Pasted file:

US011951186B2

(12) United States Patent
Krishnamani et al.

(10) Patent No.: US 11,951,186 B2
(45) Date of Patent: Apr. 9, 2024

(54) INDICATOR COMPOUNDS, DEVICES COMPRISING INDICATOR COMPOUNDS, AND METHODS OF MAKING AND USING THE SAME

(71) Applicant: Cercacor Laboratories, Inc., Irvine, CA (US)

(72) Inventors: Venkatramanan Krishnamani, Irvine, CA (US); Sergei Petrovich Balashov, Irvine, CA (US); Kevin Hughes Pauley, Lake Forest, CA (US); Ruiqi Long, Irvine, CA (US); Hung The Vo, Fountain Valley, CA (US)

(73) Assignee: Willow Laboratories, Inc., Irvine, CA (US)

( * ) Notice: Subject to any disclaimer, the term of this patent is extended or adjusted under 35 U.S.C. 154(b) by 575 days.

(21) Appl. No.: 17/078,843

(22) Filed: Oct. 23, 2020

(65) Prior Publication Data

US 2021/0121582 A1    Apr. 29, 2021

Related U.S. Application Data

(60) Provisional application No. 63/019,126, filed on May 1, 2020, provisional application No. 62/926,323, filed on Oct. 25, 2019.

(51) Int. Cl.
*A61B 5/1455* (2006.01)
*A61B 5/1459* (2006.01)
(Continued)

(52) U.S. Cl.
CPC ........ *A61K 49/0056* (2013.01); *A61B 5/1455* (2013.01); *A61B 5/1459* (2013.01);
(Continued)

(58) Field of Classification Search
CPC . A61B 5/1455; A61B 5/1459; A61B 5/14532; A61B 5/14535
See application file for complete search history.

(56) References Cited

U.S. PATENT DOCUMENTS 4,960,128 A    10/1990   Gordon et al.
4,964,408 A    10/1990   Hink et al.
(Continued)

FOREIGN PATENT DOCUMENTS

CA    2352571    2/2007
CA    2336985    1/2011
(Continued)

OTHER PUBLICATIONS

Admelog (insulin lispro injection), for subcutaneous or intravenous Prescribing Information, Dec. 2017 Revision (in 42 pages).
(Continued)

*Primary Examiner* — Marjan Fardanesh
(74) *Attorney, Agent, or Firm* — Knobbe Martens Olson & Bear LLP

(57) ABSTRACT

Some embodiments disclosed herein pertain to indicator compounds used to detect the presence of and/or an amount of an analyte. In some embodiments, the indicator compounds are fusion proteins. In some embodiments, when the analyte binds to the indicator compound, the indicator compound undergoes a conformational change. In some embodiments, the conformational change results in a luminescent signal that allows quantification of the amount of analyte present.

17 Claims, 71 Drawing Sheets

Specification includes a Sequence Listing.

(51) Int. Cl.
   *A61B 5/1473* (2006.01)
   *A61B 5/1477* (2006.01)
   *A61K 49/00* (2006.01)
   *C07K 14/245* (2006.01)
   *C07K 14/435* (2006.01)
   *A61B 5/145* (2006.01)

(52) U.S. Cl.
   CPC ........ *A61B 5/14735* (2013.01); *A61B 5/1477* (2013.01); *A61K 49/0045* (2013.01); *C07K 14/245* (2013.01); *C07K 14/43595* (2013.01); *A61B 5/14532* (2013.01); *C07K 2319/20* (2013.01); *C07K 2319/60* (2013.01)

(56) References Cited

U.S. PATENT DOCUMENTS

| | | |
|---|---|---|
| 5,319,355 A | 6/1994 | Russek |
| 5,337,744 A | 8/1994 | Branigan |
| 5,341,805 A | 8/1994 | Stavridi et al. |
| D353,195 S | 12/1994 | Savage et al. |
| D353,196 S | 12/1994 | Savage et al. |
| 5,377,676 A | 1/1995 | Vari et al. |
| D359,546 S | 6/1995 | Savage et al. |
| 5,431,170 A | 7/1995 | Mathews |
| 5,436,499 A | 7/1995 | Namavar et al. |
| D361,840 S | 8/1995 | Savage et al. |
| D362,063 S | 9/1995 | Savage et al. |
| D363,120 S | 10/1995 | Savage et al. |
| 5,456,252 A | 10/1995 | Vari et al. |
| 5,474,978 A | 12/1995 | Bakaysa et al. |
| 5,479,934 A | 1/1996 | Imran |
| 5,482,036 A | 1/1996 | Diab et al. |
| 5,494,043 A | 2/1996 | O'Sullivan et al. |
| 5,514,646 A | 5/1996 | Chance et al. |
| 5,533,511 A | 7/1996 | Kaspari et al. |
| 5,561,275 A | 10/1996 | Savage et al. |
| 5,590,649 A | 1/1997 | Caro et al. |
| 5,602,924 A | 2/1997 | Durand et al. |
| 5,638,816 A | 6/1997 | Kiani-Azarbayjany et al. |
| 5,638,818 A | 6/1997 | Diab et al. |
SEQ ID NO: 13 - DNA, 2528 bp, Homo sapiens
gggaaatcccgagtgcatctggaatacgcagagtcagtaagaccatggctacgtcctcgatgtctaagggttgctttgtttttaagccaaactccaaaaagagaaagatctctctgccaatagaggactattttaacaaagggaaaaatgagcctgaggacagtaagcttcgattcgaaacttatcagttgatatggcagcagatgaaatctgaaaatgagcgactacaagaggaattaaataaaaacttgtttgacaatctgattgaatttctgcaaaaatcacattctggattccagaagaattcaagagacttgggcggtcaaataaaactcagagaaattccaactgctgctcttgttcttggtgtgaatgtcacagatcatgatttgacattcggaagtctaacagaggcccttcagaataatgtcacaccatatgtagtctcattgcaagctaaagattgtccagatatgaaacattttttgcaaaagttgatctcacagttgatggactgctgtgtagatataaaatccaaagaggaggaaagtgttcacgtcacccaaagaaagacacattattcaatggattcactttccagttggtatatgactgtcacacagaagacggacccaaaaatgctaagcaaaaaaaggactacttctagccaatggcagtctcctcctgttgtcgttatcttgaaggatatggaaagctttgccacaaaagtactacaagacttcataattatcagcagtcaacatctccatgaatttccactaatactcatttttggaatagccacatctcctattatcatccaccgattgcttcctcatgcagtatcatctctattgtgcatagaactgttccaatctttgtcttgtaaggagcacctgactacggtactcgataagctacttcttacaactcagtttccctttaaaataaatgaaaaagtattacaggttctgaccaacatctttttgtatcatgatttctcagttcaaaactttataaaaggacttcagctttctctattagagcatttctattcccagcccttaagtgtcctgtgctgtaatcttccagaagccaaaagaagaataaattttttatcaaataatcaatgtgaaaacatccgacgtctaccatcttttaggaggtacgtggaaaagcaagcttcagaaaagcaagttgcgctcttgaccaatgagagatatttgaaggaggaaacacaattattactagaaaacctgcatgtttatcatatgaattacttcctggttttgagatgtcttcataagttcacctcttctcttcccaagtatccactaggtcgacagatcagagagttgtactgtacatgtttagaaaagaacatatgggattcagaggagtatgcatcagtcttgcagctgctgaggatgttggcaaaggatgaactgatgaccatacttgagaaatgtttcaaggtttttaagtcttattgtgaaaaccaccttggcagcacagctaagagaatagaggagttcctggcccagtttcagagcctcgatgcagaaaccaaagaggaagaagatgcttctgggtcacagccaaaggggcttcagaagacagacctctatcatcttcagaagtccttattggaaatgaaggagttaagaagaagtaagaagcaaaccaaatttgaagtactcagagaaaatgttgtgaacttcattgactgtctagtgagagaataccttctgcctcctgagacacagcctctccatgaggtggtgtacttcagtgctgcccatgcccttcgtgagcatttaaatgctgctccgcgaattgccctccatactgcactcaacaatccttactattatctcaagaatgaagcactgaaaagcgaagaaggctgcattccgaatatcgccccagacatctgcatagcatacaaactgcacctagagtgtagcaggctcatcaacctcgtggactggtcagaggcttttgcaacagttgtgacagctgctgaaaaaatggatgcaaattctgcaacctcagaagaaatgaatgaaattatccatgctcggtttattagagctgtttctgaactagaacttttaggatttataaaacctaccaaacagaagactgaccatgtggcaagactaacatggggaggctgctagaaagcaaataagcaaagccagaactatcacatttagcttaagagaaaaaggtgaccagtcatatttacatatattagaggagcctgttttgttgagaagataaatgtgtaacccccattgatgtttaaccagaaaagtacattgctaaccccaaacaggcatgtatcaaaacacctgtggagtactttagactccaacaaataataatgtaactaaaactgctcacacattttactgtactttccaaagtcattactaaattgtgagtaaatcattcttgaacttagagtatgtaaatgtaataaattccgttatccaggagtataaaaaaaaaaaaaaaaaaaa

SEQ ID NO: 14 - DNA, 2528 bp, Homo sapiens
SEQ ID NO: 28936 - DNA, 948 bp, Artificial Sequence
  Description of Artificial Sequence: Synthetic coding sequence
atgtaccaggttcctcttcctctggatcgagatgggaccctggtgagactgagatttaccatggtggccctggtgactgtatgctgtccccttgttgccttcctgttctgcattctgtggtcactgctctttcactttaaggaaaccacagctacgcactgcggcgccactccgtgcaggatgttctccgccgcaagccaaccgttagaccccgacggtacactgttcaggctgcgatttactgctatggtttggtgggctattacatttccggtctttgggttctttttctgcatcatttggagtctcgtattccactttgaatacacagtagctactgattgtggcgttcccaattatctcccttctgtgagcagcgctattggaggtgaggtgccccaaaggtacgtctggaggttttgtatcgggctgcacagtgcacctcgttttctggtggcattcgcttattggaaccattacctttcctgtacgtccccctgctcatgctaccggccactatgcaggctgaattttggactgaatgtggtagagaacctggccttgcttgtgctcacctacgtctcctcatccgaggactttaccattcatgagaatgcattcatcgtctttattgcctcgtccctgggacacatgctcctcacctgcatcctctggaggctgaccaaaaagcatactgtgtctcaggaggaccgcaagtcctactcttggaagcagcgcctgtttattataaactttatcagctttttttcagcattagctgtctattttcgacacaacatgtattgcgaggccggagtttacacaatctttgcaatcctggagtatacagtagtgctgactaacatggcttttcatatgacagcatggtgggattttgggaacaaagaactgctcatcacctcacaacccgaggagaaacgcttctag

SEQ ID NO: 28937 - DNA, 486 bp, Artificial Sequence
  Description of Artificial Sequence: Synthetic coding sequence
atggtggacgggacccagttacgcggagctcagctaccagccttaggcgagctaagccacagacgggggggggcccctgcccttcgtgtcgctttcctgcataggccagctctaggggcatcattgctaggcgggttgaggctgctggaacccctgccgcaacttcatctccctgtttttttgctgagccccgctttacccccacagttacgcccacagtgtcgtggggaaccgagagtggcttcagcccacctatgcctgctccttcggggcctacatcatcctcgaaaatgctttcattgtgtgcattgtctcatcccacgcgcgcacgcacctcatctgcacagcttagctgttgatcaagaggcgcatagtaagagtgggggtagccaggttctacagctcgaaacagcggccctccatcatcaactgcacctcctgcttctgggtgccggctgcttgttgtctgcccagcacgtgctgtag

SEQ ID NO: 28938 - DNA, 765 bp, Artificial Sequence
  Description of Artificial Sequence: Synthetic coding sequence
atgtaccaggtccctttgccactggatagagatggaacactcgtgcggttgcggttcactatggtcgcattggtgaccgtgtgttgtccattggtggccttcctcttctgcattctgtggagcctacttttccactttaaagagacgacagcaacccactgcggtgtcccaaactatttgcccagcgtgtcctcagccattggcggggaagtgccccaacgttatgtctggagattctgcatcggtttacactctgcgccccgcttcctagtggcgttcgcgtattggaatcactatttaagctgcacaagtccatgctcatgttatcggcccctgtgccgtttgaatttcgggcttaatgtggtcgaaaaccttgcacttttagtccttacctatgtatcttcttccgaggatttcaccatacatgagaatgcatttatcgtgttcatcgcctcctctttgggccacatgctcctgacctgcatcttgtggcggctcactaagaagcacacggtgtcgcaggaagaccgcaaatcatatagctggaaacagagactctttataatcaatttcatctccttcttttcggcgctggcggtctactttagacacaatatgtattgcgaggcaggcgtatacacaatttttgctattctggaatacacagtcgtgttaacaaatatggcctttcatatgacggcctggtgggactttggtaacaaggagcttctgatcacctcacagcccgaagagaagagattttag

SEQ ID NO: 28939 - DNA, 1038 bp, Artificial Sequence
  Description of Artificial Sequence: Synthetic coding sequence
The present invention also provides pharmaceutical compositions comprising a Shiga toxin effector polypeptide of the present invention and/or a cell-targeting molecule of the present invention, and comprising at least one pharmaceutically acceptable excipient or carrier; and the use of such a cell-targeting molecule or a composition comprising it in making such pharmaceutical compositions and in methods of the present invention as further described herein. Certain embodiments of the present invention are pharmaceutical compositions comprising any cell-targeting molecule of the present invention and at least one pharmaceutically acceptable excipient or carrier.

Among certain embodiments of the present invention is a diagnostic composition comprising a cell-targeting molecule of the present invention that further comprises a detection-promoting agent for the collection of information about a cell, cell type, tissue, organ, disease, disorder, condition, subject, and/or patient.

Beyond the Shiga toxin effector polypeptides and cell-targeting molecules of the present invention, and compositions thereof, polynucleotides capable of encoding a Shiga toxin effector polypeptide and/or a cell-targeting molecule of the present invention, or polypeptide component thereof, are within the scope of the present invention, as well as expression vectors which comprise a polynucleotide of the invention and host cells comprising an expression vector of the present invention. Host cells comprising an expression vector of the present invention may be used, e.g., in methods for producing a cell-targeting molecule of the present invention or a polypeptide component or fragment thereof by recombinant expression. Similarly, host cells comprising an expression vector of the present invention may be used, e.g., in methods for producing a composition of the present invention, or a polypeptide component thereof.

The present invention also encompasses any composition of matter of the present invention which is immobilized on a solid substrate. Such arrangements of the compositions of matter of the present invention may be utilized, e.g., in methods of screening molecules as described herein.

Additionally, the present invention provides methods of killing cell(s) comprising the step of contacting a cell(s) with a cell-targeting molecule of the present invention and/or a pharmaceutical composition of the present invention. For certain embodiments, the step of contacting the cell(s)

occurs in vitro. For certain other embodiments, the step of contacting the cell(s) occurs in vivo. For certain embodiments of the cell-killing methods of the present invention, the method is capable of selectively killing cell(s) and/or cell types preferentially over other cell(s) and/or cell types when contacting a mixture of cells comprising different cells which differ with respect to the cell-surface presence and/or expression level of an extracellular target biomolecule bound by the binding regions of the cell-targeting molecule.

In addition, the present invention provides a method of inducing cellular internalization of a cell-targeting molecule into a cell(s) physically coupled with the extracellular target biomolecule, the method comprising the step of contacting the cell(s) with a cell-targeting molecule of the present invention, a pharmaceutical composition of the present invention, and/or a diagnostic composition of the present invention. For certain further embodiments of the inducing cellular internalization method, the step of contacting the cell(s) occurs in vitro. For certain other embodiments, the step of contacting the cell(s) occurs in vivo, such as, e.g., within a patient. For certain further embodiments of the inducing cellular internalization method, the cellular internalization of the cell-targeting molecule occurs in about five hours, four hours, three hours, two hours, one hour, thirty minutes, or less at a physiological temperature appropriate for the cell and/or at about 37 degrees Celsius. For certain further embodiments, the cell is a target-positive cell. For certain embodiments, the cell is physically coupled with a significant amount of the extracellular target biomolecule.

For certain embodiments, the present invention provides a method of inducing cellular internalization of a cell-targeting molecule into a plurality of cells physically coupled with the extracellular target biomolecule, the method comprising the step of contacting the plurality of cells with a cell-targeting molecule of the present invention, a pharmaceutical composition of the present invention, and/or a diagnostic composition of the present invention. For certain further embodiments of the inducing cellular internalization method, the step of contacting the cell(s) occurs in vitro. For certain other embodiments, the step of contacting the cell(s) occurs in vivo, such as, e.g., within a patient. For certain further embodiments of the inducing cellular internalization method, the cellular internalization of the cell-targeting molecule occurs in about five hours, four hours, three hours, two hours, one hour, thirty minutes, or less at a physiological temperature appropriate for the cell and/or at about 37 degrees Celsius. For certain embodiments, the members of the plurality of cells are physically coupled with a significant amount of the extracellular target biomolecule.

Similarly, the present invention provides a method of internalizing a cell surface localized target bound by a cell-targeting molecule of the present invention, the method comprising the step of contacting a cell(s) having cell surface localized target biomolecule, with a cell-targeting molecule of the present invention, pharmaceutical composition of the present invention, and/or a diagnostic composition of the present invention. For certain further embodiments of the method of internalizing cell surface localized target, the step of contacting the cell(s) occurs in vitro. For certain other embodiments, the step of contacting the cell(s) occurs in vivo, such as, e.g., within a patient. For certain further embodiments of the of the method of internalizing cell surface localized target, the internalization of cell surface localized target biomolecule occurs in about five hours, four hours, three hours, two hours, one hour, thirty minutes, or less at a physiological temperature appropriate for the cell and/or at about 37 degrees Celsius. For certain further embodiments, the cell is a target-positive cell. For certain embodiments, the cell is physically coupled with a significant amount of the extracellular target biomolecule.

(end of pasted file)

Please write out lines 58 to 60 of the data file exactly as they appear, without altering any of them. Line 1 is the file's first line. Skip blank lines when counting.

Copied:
| 5,337,744 A | 8/1994 | Branigan |
| 5,341,805 A | 8/1994 | Stavridi et al. |
| D353,195 S | 12/1994 | Savage et al. |